I was recently flying home to Orlando when the flight attendant introduced herself to me. “What do you do for a living?” she asked. “I own a technology company. We provide web-based software to the real estate industry through title agents” was my response. Her shoulders sagged as she said, “Yeah, I used to be in real estate but I quit…there just isn’t any business out there anymore.” “When did you leave?” I asked.
Last week the media was all over the housing numbers. Reuters reported (as did most news outlets) “…prolonged housing weakness” and the news spoke of indicators and trends “…dashing hopes for a quick turnaround.”
(Reuters) – Sales of new U.S. single-family homes tumbled to their lowest level in eight months in March, dashing hopes for a quick turnaround for a sector that fell into a soft patch last summer.
The Commerce Department said on Wednesday sales dropped 14.5 percent to a seasonally adjusted annual rate of 384,000 units. It was the second consecutive monthly decline and the biggest since July, which was also the last time sales were so slow.
It’s probably time for the rest of us to quit too.
I read an interesting article somewhere a couple of years ago. A survey of economic news headlines showed the majority of them were negative in rising markets and positive in falling markets. Let me ask you, what does the media really know about your business–the buying, selling and closing of homes? Someone should check the first quarter numbers, year over year, first.
Just about anywhere you go (even on airplanes) there is no a shortage of negative talk. There are always those who are ready to preach the “end is near” because (1) ten year ARM’s from 2005 are re-setting next year, (2) Medicare is bankrupt, (3) China is graduating more engineers than we are, or (4) an asteroid the size of Texas just missed us and it’s only a matter of time.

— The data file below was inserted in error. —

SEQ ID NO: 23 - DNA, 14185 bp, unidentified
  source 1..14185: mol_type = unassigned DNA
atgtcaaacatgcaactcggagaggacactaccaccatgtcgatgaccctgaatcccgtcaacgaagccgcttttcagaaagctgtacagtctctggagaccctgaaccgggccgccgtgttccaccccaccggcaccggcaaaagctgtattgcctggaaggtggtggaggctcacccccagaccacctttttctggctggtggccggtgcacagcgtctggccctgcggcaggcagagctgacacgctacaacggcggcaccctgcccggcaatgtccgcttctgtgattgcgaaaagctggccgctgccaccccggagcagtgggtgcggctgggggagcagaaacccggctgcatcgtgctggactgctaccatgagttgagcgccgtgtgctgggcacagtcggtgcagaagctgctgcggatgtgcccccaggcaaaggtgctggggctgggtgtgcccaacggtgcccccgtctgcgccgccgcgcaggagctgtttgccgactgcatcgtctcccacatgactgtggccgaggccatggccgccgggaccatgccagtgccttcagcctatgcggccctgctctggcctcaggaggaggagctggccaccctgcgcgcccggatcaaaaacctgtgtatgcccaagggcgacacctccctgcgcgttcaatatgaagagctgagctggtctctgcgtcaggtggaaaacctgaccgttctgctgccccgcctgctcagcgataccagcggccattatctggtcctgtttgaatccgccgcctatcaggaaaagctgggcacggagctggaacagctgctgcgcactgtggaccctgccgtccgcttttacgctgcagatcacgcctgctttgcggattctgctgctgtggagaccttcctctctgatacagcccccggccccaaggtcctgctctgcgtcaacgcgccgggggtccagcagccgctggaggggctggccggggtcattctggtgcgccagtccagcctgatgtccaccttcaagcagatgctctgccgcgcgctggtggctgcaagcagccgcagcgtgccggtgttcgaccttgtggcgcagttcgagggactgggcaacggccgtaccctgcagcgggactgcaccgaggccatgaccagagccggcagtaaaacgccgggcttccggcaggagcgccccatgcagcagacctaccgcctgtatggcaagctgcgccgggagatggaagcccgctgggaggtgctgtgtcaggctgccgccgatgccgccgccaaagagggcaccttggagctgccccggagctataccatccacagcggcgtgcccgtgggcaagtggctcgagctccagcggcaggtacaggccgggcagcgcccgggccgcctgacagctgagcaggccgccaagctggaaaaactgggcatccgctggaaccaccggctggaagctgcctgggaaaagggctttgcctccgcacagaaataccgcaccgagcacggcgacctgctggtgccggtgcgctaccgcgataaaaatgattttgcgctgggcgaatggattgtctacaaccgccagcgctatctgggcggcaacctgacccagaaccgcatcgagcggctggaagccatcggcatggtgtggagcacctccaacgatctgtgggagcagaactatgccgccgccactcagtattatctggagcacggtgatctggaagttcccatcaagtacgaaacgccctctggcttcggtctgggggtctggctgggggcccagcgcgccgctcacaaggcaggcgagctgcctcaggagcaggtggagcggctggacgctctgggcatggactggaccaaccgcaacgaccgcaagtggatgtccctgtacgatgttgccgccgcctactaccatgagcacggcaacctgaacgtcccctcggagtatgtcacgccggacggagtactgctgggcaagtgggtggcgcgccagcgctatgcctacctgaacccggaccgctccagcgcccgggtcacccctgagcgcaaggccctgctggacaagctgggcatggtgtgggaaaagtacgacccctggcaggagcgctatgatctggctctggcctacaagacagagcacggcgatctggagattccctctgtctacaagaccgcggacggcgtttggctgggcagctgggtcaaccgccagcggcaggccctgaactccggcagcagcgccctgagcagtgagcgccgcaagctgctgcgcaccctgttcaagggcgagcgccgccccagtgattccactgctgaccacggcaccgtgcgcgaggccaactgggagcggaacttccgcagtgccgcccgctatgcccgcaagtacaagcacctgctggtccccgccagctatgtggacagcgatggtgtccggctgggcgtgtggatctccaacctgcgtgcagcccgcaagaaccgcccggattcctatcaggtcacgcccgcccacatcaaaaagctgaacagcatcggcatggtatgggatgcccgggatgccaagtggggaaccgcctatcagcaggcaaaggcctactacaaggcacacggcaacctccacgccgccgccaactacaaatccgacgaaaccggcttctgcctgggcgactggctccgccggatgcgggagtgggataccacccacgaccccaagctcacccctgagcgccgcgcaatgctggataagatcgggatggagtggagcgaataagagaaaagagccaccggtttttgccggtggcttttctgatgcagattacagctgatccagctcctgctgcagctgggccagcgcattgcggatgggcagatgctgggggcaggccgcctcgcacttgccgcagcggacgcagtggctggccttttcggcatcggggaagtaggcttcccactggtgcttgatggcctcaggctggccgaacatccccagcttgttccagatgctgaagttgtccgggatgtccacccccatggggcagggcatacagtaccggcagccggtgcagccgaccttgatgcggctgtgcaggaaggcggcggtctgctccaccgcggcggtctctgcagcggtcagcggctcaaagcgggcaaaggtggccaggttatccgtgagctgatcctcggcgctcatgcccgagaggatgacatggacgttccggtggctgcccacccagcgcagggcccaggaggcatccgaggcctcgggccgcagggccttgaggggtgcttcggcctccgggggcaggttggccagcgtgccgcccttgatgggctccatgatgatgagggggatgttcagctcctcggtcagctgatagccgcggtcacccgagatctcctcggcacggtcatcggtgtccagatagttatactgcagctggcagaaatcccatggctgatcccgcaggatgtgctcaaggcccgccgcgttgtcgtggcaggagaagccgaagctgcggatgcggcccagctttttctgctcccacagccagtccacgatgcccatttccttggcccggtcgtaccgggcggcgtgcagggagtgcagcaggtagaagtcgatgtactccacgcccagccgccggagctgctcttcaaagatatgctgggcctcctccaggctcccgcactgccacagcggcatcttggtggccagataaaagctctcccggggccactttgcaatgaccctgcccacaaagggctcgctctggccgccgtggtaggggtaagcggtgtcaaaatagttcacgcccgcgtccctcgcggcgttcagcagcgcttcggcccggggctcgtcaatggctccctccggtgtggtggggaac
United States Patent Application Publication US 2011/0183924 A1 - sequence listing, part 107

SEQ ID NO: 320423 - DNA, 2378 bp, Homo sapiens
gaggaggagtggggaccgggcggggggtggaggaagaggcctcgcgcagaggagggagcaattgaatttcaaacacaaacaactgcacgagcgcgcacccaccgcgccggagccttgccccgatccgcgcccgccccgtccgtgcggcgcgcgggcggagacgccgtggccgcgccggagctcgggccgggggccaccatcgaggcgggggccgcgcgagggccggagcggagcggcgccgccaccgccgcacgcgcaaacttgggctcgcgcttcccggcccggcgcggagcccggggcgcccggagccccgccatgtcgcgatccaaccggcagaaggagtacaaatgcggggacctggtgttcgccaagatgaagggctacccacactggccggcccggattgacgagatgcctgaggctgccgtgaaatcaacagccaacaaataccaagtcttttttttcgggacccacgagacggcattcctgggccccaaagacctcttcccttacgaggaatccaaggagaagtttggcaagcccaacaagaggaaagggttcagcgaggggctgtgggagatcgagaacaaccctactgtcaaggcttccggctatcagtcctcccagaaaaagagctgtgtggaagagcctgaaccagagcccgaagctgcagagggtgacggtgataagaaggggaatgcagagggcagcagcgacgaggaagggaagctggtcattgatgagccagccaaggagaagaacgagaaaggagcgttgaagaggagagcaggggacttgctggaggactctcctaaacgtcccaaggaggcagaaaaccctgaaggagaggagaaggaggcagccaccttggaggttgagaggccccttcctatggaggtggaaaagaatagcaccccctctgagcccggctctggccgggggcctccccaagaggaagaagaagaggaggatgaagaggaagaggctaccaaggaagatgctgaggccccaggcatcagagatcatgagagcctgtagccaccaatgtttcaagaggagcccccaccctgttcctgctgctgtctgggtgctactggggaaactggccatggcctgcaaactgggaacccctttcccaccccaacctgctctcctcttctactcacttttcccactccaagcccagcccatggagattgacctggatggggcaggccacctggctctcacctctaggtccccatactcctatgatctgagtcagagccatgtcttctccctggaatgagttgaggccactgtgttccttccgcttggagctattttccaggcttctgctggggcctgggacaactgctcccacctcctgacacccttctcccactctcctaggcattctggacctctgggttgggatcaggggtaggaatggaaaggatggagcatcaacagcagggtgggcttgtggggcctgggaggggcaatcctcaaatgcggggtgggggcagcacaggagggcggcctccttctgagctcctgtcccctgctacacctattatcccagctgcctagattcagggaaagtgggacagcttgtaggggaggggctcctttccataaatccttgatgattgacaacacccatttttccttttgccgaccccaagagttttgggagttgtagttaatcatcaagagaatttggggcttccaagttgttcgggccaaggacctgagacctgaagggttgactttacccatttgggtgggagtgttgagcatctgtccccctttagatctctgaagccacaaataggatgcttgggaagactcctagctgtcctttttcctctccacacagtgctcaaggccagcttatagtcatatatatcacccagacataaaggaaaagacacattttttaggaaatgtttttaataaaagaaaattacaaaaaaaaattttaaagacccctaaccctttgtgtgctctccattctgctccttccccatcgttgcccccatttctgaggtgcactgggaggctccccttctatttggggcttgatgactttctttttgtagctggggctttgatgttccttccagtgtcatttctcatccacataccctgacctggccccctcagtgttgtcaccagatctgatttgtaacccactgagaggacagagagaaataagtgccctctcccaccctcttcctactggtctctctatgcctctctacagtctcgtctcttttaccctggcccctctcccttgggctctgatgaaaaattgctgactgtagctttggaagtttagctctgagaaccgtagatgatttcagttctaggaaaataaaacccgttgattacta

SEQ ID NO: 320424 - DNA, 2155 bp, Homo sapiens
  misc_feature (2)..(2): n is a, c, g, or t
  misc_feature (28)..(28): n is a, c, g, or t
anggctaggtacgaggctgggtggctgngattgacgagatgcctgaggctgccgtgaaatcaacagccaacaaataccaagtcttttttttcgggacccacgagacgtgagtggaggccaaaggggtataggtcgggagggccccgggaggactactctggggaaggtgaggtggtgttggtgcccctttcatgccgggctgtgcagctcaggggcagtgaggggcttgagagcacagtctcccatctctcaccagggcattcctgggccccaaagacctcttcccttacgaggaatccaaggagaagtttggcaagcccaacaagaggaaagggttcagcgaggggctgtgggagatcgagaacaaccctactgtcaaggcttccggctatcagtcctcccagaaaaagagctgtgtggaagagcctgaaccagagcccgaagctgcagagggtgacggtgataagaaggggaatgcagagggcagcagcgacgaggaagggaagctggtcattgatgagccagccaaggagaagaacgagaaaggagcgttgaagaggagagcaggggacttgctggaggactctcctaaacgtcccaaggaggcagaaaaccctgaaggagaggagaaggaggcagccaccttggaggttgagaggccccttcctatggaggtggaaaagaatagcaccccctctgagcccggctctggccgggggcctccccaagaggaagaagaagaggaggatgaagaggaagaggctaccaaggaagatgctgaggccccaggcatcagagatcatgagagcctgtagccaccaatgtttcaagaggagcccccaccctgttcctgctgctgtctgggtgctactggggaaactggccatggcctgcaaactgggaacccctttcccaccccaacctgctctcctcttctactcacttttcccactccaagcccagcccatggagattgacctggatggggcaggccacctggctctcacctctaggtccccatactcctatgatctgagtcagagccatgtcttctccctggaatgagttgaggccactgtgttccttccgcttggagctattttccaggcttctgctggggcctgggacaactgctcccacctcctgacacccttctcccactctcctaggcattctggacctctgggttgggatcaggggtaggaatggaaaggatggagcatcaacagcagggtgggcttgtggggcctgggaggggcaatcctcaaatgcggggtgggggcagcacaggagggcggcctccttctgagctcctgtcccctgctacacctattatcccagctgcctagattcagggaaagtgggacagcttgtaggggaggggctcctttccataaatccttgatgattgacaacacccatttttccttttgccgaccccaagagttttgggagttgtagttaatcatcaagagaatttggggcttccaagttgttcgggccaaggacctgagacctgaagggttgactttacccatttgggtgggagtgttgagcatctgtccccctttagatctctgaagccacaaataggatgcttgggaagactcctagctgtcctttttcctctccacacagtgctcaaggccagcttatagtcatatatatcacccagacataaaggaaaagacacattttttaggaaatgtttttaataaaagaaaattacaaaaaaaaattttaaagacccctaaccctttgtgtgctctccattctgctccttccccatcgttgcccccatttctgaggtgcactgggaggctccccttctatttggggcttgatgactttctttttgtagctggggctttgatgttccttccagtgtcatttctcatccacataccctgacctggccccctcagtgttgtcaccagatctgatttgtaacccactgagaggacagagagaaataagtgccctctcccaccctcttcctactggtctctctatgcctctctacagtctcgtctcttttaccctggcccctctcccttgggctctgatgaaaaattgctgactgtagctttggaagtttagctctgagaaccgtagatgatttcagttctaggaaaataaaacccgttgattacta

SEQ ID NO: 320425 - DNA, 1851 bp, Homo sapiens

Did you hear the story about the Wall Street investment banker who made a billion dollars in just about a day when the market pulled back in 2006? It is all a matter of how you look at what’s going on around you and how you take action.
Look at the numbers and decide for yourself. If you compare February, 2014 to February, 2009 the story changes a lot…
US Home Prices Up 12.9% From A Year Ago…
I don’t know about you but a steady 2.6% increase in value every year on my home sounds like a pretty stable and healthy market.
How can demand decrease while asset value increases? Answer: it can’t.
No matter what the headlines show, this is the beginning of a purchase market. It may not come in smooth predictable increases so you’ll need to ready, innovative and flexible.
A lot has changed in nine years. Don’t apply old strategies to today’s market or our next conversation may be held at 30,000 feet.